Browsing named entities in Colonel William Preston Johnston, The Life of General Albert Sidney Johnston : His Service in the Armies of the United States, the Republic of Texas, and the Confederate States.. You can also browse the collection for April 18th or search for April 18th in all documents.

Your search returned 2 results in 2 document sections:

ame of the officer of the army, allowed itself to be the vehicle of foully slanderous imputations against me, derived no doubt from anonymous sources. If not, justice required an investigation, which would have fixed the guilt, or have acquitted. Instead of this, letter-writers were suffered to spread the charge of disloyalty against me through the wide extent of the States, though there was not a single fact to sustain it. I have since received the assurances of the Secretary, dated April 18th, through an excellent friend, of full confidence in me, and that my son was appointed a cadet. This is better than nothing, but is a small compensation for the damage done. I have at no time thought that General Scott had anything to do with this. I still feel for him all the gratitude and kindness I have always felt. I do not desire ever again to hold an office. No one could feel more sensibly the calamitous condition of our country than myself; and, whatever part I may take herea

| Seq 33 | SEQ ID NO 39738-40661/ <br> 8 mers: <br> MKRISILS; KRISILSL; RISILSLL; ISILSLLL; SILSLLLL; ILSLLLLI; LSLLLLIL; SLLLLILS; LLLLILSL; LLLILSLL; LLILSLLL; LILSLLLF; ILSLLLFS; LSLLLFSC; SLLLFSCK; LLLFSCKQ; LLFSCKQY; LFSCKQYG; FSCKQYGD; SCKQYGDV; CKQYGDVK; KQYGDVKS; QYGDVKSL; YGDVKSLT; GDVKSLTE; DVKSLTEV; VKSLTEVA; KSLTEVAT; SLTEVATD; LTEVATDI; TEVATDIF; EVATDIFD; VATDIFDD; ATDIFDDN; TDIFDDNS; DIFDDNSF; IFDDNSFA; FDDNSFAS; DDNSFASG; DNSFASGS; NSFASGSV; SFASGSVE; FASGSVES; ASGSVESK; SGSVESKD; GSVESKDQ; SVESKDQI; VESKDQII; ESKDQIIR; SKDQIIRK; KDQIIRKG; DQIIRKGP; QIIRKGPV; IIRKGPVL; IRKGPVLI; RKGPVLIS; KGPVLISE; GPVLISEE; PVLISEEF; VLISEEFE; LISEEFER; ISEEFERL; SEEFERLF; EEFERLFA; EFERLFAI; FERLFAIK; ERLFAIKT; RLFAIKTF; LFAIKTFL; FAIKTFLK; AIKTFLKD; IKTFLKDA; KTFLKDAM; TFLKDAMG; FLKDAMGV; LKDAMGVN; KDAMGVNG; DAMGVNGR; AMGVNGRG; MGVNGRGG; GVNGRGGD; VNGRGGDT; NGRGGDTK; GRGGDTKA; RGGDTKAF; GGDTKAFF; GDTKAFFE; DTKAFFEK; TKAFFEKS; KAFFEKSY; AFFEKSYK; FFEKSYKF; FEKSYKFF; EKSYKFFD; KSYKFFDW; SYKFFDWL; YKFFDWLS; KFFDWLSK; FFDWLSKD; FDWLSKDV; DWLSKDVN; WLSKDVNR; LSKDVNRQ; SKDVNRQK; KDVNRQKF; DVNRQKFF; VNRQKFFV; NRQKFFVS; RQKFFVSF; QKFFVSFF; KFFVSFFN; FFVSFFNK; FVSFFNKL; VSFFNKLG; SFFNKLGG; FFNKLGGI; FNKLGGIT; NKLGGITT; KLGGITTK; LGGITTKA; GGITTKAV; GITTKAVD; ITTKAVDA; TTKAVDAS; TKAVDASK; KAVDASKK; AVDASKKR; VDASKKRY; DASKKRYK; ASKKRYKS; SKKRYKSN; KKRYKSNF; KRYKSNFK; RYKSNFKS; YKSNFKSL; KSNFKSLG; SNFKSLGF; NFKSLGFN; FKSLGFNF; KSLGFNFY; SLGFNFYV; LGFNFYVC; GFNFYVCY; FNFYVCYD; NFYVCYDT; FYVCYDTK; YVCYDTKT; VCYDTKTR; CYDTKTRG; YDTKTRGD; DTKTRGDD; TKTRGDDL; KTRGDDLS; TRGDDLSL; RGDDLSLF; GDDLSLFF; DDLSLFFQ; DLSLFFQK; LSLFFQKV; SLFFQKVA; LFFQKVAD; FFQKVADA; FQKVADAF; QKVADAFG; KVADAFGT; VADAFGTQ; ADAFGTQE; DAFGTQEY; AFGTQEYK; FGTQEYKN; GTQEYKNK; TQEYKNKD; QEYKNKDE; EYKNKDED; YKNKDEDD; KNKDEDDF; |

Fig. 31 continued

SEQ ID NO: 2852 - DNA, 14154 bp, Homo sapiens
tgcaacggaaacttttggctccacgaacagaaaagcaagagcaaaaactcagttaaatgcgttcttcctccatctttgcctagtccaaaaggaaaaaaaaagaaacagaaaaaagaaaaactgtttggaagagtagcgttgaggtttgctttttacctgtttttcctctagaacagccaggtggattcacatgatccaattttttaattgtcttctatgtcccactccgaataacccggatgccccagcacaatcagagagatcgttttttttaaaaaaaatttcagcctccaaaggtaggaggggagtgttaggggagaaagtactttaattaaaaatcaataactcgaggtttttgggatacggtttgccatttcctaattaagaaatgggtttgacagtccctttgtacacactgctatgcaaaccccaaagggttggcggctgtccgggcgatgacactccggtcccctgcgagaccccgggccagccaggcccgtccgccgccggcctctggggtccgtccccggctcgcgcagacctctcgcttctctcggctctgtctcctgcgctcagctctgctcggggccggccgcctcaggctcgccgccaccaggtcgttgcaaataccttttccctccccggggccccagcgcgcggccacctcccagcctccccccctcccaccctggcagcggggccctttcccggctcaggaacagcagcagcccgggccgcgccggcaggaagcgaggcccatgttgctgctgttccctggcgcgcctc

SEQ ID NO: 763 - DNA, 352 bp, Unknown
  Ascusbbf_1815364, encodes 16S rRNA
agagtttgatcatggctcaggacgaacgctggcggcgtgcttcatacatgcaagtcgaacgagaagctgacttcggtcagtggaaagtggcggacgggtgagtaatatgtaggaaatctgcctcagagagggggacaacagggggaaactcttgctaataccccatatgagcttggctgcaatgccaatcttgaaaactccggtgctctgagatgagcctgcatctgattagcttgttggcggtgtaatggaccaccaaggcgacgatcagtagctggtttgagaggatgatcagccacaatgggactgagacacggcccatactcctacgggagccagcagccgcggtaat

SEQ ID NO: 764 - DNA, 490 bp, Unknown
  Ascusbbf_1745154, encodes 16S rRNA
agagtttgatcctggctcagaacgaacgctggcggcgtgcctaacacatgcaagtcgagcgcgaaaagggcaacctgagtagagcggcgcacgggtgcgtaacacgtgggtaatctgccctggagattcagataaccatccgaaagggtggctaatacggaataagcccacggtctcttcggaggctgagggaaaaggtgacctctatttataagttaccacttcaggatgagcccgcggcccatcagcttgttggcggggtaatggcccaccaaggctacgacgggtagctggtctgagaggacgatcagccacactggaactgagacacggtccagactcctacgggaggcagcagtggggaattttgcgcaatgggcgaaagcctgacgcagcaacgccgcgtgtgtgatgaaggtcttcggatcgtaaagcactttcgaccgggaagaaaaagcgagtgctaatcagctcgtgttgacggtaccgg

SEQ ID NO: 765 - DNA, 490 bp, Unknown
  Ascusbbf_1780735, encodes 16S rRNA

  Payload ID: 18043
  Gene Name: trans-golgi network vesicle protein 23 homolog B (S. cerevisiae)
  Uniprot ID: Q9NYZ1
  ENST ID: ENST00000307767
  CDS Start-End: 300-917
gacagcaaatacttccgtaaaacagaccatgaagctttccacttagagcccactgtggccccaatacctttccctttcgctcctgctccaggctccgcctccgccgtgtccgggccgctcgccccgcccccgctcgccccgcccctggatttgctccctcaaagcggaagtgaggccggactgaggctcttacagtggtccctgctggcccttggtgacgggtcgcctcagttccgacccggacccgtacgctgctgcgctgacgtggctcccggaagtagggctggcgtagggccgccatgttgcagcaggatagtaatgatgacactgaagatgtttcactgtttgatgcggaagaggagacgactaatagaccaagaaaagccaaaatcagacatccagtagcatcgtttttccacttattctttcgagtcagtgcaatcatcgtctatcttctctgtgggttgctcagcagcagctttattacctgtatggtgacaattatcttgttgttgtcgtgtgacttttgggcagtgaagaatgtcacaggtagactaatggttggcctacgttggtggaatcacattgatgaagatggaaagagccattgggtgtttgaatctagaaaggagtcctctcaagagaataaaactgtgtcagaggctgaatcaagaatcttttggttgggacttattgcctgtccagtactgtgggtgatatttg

ons, the people of Kentucky, uniting with their brethren of the South, will, as one man, resist such invasion of the soil of the South, at all hazards, and to the last extremity. It also resolved: That we protest against the use of force or coercion by the General Government against the seceded States, as unwise and inexpedient, and tending to the destruction of our common country. The Union leaders and journals denounced secession and coercion with the same breath. On the 18th of April they first shadowed forth, in a meeting at Louisville, that sham neutrality policy in whose tangled web the State was ensnared. It declared: That, as we oppose the call of the President for volunteers for the purpose of coercing the seceded States, so we oppose the raising of troops in this State to cooperate with the Southern Confederacy; that the present duty of Kentucky is to maintain her present independent position, taking sides not with the Administration, nor with the seced